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The Democratic Strategist

Political Strategy for a Permanent Democratic Majority

Patriotism — the Day After

Colbert I. King, one of WaPo‘s Pulitzer Prize winners (2003), has an article commenting on the difference between Senator Obama’s speech this week at the Truman Memorial Building in Independence, MO and Frederick Douglass’s “4th of July Oration,” which was actually delivered on July 5th 1852 to Rochester Ladies’ Anti-Slavery Society. King is interested in the difference between the two speeches as a measure of America’s progress in race relations and the meaning of patriotism in this context.
Douglass’s speech, delivered 156 years ago today, is one of the masterpieces of American oratory and one of the most eloquent speeches ever delivered in the English language. Indeed, there is nothing Winston Churchill, Henry Clay or Martin Luther King, Jr. could have taught Douglass about tapping the power of the mother tongue. It is routinely included in ‘Great Speeches’ collections, usually in the ‘social criticism’ category, and it really has no peer as an educational tool for teaching people what slavery was like and how it corrupted America’s nobler ideals. You can read the whole dazzling thing right here.
King’s article cites interesting similarities between Senator Obama and Douglass:

Although generations apart, Douglass and Obama have common characteristics. Both are of mixed race. Like Douglass, Obama grew up without the steadying hand of a father…Both men sought life’s fortunes far from their places of birth.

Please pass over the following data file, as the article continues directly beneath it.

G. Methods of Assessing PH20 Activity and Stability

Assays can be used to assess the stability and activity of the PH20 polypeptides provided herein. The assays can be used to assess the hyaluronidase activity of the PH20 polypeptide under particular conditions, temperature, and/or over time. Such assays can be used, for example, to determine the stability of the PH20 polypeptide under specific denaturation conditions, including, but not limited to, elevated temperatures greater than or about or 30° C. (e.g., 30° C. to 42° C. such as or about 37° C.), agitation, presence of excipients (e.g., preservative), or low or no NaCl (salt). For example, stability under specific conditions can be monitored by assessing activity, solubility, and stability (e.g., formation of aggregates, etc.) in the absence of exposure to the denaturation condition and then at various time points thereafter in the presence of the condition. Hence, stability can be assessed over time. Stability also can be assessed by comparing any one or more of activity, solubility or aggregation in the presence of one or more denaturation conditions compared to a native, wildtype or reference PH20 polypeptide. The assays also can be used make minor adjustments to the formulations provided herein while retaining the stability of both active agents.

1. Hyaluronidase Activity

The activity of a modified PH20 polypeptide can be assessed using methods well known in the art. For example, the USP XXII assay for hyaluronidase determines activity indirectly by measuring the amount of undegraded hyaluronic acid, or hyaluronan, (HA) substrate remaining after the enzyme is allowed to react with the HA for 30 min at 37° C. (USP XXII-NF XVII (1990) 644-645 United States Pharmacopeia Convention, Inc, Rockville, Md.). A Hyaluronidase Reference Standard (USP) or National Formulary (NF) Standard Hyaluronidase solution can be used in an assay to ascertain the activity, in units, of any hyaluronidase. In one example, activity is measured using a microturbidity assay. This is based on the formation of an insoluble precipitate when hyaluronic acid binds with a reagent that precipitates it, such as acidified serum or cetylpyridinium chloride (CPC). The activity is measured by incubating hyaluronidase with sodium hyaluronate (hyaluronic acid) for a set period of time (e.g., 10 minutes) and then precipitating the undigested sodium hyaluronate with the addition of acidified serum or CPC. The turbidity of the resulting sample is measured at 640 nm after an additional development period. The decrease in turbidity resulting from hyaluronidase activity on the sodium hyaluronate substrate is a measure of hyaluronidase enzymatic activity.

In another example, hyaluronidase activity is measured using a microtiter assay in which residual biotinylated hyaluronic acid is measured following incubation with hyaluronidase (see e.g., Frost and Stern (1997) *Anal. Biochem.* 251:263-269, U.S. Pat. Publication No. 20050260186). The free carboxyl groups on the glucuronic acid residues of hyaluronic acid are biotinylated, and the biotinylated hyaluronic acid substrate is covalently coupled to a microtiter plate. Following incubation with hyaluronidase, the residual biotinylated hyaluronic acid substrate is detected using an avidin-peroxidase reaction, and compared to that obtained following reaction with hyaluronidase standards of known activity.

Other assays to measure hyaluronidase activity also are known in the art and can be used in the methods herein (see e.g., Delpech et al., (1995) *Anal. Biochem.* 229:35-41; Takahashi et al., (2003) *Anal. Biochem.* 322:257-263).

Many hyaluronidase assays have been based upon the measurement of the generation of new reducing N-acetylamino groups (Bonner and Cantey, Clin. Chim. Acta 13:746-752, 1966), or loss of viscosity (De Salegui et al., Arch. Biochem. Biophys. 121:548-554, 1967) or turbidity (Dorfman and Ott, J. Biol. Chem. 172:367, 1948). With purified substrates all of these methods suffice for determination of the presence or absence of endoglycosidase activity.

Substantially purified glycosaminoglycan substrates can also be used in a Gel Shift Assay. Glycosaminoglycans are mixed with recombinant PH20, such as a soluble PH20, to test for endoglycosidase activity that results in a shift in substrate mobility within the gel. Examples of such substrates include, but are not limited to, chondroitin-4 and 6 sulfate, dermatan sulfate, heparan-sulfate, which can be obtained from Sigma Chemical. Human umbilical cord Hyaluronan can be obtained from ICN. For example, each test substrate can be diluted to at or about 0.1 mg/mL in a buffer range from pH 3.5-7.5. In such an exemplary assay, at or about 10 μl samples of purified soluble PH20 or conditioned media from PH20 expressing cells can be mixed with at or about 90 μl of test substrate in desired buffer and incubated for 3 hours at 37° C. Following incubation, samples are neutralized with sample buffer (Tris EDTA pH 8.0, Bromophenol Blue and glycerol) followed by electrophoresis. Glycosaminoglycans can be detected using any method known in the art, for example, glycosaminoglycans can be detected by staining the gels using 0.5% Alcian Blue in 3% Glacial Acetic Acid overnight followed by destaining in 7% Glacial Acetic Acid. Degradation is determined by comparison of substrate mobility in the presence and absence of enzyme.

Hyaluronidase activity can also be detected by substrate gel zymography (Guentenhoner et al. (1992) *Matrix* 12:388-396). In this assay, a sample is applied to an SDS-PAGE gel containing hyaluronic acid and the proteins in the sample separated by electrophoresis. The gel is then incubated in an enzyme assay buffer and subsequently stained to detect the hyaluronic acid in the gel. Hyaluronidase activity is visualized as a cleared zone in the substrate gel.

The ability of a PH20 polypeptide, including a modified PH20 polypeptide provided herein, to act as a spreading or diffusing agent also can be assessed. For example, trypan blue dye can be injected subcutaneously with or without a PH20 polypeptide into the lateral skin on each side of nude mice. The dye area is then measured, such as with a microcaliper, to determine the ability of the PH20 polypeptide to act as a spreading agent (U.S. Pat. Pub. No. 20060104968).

King explains the similarities — and differences — between Obama’s speech and Douglass’s oration, among them:

And in their speeches on independence and patriotism, both cited the courage and wisdom of the men who sought total separation of the colonies from the crown…Obama’s speech, “The America We Love,” lauded the men of Lexington and Concord who launched the American Revolution. Obama also agreed with Douglass on the significance of the founding documents and the idea of liberty as a God-given right worth dying for.
But while Douglass noted his estrangement from America’s experiment with democracy, Obama claimed America as his own and the Fourth of July as a time to rejoice.

To be fair, Douglass concluded his remarkable speech on a stirring note of hope, and there is a sense in which Senator Obama’s nomination represents a giant step forward toward the fulfillment of Douglass’s hope and Martin Luther King, Jr.’s dream. All Americans should be proud that one of our major political parties has advanced to this patriotic milestone, and Democrats can take special pride that our Party has taken the lead. We can also be proud that our nominee apparent has the speech-making skills to illuminate the historic moment. The patriotic challenge before us now is to bring it home on November 4th.

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